What’s the most popular dog breed licensed in Louisville? Who’s the highest-paid city employee? Is that short-term rental in your neighborhood licensed?
Answers to these questions, and many more, can be found on Louisville’s Open Data website. Back in 2013, Mayor Greg Fischer issued an executive order directing city agencies to publish data sets that would otherwise be considered public records under Kentucky’s open records law.
The portal, managed by the city’s Office of Civic Innovation and Technology, contains far more than 200 data sets on everything from crime reports and 311 service requests to an interactive map of city parks and their amenities.
“The Louisville open data program increases transparency, accountability and accessibility,” Grace Simrall, head of Civic Innovation and Technology, said in the portal’s most recent annual report.
Residents, academics, researchers, community organizations and members of the media are common users of the site, which has logged more than 1 million page views in the last six years, according to the most recent published figures.
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Private entities have also mined the site for useful data. Most notably, Yelp pulls over restaurant health inspection scores to its users, while Waze uses data on planned road closures to keep its travel directions up to date.
“Everyone and anyone can tap into the data portal and use it,” said Andrew McKinney, data officer with the Office of Civic Innovation and Technology.
Louisville is not alone in collecting and publishing data. Cities from Los Angeles to Miami have similar portals. More than 50 US cities have been certified as “What Works Cities” by the nonprofit Bloomberg Philanthropies for their use of data ― Louisville and Los Angeles are the only two cities certified as “platinum.”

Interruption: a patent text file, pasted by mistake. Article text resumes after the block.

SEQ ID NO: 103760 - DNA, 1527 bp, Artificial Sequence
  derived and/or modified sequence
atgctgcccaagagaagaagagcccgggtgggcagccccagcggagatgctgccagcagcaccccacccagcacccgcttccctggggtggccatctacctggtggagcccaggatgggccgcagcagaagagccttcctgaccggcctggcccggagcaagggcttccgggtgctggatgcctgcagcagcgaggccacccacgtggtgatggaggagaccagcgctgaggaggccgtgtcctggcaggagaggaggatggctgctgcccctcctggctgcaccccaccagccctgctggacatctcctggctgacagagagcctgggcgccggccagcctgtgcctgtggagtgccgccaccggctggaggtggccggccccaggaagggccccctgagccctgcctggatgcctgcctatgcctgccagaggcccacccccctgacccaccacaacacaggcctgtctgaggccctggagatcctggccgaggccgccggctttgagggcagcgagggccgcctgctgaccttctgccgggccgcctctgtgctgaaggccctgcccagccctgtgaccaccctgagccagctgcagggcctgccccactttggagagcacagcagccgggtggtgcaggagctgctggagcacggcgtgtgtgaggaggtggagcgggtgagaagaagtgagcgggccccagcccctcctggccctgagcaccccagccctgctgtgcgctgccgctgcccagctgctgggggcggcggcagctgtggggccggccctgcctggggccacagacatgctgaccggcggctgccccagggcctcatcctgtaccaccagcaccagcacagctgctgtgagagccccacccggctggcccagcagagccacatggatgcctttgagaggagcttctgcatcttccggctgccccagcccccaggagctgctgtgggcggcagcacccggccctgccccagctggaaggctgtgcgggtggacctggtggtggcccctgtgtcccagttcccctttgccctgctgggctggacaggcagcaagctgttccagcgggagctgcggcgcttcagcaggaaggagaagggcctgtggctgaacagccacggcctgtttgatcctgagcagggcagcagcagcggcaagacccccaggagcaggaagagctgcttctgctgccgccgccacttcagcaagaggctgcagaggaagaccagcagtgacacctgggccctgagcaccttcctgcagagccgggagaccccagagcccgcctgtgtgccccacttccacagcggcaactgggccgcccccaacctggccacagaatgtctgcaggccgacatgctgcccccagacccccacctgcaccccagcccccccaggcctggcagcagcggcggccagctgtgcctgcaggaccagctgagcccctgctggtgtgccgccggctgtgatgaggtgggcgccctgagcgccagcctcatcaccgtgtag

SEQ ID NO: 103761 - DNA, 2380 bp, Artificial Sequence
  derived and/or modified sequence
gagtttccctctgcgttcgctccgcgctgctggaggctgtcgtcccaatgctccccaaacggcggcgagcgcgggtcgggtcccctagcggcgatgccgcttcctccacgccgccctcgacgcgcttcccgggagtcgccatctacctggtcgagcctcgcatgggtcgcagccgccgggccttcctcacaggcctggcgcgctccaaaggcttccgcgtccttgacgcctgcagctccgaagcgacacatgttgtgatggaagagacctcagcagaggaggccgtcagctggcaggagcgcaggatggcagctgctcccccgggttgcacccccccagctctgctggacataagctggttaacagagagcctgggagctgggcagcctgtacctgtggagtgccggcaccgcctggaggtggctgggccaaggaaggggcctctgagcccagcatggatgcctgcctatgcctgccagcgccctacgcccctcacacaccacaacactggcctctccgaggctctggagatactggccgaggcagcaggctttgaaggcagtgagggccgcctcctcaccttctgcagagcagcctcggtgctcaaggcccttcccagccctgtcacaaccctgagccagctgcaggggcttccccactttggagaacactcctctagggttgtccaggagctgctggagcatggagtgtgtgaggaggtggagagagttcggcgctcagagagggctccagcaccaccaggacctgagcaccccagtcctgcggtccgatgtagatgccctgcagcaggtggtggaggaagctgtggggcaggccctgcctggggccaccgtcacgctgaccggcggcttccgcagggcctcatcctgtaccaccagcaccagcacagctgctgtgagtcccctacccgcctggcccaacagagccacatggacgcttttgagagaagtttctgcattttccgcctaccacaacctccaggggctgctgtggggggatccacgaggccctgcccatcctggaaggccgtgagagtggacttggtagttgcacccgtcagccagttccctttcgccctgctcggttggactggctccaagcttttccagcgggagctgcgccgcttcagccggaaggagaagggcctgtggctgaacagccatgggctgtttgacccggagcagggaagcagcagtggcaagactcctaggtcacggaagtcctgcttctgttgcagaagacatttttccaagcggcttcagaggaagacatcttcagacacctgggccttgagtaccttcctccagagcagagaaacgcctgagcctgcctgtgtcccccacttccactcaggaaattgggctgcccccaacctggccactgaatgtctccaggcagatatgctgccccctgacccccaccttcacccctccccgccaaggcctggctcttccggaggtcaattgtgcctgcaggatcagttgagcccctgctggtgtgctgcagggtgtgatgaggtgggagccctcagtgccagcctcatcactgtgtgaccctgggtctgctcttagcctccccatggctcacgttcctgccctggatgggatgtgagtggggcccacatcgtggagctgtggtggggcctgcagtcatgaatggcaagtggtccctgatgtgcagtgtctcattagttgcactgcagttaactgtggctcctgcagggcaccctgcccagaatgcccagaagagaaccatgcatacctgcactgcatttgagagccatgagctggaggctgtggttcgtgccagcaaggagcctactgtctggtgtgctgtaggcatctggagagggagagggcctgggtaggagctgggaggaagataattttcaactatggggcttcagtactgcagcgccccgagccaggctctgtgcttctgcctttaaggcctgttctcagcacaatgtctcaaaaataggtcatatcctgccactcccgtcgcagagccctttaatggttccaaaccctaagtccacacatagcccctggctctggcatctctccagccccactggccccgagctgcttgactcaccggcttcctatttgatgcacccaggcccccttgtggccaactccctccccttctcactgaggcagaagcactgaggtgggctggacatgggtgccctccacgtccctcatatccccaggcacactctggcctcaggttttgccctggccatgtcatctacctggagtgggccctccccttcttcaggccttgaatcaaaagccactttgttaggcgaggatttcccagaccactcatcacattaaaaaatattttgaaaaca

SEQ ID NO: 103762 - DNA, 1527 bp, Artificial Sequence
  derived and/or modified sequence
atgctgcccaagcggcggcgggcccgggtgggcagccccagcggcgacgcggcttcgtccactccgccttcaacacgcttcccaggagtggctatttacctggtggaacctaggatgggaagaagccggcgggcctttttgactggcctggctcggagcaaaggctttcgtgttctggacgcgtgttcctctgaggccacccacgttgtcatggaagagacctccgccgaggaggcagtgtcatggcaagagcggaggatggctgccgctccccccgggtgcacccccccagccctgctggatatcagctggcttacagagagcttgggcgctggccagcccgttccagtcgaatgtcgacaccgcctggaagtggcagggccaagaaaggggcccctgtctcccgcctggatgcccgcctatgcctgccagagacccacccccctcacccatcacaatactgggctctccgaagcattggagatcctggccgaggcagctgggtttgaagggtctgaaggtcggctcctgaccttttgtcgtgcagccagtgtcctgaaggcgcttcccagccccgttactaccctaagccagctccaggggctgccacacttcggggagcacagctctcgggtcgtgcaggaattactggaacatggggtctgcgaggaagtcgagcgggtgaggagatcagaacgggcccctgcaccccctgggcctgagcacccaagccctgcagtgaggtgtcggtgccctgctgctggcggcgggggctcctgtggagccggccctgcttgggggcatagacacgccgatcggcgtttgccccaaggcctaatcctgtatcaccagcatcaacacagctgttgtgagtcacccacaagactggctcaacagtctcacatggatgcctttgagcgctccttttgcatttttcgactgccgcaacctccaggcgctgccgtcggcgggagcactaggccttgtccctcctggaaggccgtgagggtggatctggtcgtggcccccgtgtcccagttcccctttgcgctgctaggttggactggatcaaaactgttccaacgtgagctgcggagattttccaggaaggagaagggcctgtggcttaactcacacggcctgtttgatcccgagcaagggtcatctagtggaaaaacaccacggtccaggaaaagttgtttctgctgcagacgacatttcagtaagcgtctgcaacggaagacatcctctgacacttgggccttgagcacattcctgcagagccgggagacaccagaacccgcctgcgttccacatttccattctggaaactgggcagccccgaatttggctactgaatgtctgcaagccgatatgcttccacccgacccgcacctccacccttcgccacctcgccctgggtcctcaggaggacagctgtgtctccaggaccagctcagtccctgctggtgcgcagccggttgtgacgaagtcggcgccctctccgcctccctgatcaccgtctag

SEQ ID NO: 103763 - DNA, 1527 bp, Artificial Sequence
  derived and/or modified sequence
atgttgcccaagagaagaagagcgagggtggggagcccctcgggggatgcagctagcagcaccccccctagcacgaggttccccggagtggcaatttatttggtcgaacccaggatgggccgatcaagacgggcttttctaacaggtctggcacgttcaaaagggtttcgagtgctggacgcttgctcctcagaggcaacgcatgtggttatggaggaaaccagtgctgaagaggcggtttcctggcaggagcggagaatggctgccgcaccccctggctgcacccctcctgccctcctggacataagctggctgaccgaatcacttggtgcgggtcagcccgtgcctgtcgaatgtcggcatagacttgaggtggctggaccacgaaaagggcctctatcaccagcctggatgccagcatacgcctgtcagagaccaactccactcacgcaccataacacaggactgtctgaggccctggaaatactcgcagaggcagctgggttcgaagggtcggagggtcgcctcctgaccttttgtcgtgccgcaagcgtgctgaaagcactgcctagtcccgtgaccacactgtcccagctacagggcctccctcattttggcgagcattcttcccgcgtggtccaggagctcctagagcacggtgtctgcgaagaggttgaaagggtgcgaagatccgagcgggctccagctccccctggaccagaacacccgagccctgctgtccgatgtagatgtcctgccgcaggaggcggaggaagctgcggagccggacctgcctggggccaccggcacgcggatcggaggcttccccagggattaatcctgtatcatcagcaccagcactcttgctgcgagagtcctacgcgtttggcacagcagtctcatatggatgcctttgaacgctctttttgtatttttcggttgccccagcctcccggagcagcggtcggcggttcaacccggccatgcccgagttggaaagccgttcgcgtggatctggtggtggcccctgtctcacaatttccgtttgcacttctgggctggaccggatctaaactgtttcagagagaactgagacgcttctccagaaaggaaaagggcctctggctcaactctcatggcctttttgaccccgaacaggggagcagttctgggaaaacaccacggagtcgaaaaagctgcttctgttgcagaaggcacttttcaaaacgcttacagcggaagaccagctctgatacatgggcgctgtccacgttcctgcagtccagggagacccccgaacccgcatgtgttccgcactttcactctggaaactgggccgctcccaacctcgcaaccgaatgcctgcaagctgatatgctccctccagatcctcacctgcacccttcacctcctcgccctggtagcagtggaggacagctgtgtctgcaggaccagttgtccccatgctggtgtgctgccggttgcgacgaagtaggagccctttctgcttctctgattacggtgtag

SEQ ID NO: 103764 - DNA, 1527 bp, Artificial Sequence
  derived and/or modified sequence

There are changes on the horizon for the open data portal. Current data will be migrated to a new portal that includes more charts and maps and other visualizations, as well as ideas on how users can review and interpret the data.
Zain Casey, senior data analyst, said the city has heard public recommendations on new data sets to add: 911 calls, police use of force incidents, homeless shelters and the services each offers.
In the meantime, here are five data sets found on the portal:
Employee salary data
One of the most frequently searched data sets published by the city is the list of Louisville Metro government employee salaries. Every person employed by the city since 2016 is listed in the database, along with their job titles, the city departments in which they work (or worked), their annual pay rate and any other pay received (like overtime or incentive pay).
The city’s police chief has been the highest-paid city employee in each of the last seven years. This year, Chief Erika Shields is expected to earn a little over $233,000.
Louisville Zoo Director Daniel Maloney is the next highest-paid employee at $189,000, followed by Public Health and Wellness Director Sarah Hill Hartlage at almost $167,000.
Five other members of the police department – all deputy chiefs or assistant police chiefs – are among the top-15 highest-paid city employees this year, the data show.